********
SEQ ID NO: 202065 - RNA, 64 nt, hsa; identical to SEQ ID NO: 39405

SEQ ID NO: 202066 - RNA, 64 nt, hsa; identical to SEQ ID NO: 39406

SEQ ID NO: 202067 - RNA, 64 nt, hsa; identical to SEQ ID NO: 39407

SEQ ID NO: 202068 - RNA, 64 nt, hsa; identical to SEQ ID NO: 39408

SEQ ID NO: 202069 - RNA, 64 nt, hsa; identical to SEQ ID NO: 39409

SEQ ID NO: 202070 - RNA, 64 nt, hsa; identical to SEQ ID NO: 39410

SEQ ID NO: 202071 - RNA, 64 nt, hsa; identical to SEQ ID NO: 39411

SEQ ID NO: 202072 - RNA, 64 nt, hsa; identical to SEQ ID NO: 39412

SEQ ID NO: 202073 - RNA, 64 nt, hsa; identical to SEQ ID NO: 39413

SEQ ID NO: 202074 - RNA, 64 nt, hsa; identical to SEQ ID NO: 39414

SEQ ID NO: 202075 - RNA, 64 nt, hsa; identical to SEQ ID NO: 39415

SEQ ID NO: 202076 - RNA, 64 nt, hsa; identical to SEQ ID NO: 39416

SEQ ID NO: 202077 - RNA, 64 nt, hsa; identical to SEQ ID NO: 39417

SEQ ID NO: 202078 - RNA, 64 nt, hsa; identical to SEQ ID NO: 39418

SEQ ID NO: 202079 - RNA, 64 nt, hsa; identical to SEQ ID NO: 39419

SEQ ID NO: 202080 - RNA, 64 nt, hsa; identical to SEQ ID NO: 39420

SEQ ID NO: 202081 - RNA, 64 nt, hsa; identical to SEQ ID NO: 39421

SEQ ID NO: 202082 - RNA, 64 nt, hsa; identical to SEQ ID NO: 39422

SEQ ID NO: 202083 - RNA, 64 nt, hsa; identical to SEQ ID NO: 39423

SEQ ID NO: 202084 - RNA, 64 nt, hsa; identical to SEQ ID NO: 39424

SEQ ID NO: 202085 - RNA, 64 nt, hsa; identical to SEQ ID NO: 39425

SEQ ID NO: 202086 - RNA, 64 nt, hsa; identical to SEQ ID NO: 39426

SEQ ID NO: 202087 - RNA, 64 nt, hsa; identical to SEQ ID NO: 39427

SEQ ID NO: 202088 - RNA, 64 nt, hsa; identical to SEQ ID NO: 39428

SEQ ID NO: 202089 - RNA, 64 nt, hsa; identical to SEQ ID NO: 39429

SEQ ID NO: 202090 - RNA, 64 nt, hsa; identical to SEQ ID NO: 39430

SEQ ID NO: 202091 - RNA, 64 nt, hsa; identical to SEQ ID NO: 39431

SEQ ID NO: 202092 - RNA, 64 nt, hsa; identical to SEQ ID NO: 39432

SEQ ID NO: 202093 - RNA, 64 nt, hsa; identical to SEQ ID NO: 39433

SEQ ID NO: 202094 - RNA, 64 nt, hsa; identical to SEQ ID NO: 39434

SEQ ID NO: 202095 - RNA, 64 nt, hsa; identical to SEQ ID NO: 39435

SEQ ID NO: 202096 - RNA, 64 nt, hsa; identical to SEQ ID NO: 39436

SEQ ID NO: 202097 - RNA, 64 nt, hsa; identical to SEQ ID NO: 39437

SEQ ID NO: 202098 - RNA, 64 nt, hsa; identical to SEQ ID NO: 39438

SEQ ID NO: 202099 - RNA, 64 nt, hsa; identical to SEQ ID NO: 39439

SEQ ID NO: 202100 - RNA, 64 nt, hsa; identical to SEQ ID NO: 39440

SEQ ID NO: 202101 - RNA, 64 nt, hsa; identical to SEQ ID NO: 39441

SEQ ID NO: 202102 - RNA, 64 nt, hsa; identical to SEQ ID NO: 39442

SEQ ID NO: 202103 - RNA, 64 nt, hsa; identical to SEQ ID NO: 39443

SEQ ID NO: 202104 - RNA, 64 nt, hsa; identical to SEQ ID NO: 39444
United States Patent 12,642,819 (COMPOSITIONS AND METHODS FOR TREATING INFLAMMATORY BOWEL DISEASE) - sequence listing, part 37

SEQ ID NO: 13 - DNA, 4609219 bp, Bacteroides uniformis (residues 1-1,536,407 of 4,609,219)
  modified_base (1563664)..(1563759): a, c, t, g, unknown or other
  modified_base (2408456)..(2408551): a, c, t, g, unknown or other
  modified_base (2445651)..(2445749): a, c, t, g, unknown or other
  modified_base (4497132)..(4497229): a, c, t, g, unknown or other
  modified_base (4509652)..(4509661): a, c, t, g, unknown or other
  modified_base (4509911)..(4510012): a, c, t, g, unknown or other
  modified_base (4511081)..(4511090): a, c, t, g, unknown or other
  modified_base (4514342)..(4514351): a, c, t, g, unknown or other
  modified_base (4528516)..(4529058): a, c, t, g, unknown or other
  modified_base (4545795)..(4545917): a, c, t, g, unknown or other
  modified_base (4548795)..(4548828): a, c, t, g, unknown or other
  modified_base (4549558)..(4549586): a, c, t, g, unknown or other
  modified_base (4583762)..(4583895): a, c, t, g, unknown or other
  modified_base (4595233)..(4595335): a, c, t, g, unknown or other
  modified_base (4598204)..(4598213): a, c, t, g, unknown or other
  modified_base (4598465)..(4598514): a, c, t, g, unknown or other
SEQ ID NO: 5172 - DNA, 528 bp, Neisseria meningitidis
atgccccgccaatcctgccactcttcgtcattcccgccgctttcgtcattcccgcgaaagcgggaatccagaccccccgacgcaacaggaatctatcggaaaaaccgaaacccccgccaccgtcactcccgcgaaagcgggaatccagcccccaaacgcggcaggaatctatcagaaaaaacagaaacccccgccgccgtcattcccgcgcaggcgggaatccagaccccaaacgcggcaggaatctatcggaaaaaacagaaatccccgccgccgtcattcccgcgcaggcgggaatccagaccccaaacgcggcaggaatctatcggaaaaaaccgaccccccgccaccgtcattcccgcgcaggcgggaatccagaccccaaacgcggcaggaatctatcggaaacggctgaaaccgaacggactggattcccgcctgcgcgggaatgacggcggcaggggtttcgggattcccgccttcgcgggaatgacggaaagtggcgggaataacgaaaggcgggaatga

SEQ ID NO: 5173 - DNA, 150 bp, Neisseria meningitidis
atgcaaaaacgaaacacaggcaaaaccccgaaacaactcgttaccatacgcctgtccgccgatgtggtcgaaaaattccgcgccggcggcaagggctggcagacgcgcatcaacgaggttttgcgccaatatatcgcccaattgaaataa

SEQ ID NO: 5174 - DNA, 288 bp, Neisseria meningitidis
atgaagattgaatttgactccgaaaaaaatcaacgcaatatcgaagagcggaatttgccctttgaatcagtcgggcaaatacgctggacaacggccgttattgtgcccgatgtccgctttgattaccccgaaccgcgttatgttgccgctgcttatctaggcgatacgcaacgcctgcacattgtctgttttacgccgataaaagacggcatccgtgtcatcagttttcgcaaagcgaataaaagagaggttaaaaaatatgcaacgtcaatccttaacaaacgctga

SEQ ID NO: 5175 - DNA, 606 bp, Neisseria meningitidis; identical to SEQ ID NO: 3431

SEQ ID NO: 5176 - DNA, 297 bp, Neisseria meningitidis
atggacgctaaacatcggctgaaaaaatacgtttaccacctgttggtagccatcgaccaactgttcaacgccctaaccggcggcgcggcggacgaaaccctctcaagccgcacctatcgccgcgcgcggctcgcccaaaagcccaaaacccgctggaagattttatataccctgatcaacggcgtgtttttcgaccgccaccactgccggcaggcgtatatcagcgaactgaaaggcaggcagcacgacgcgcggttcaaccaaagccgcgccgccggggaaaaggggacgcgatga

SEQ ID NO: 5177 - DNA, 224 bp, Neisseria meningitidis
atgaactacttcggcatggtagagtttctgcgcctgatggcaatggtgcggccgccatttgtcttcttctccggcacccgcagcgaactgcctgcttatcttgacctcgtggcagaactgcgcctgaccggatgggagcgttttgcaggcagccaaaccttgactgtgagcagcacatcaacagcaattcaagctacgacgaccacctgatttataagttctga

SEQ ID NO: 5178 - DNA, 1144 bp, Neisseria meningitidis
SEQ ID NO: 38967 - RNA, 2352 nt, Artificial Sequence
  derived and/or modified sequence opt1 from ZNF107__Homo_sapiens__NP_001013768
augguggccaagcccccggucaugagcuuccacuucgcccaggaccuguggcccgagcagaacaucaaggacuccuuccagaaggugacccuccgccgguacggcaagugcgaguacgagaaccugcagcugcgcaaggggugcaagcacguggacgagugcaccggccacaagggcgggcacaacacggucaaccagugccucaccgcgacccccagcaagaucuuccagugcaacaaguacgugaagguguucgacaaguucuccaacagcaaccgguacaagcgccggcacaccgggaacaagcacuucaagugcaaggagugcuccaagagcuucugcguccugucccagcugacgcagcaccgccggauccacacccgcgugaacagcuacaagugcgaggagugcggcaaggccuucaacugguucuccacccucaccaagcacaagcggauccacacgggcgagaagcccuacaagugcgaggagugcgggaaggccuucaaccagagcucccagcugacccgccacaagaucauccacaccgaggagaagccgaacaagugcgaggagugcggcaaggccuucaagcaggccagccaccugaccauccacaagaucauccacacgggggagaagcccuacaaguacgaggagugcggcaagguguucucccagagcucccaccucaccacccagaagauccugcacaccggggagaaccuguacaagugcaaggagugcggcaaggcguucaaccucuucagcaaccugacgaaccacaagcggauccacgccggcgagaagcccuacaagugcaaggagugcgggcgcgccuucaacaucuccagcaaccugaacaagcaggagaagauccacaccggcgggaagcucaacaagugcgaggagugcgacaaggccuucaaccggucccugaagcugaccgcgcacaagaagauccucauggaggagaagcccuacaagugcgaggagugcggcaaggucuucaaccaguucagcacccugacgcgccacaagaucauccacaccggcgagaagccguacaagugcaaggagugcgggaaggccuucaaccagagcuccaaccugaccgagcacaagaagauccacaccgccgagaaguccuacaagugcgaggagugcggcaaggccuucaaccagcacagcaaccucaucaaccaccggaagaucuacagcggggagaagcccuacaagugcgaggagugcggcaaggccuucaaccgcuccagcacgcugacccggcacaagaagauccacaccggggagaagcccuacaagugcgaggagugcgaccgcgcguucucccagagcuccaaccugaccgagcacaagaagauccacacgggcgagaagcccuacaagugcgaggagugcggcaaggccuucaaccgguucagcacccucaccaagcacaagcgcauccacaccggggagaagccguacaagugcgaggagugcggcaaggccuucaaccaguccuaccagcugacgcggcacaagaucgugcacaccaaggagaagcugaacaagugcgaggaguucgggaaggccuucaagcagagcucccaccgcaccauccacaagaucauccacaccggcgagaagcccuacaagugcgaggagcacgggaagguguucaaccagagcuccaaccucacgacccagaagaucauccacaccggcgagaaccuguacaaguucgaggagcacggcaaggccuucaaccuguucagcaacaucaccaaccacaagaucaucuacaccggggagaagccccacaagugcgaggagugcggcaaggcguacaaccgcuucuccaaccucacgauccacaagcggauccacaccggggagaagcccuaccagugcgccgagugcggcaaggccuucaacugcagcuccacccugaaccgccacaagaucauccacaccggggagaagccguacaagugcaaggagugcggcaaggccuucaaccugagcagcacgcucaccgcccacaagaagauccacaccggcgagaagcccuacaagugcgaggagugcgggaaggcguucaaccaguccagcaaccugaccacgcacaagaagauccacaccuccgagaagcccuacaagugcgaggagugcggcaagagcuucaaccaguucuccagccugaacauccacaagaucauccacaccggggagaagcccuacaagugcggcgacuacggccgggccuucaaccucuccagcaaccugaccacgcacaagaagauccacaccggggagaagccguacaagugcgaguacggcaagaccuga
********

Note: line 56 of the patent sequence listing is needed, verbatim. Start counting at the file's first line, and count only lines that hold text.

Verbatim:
  modified_base (4595233)..(4595335): a, c, t, g, unknown or other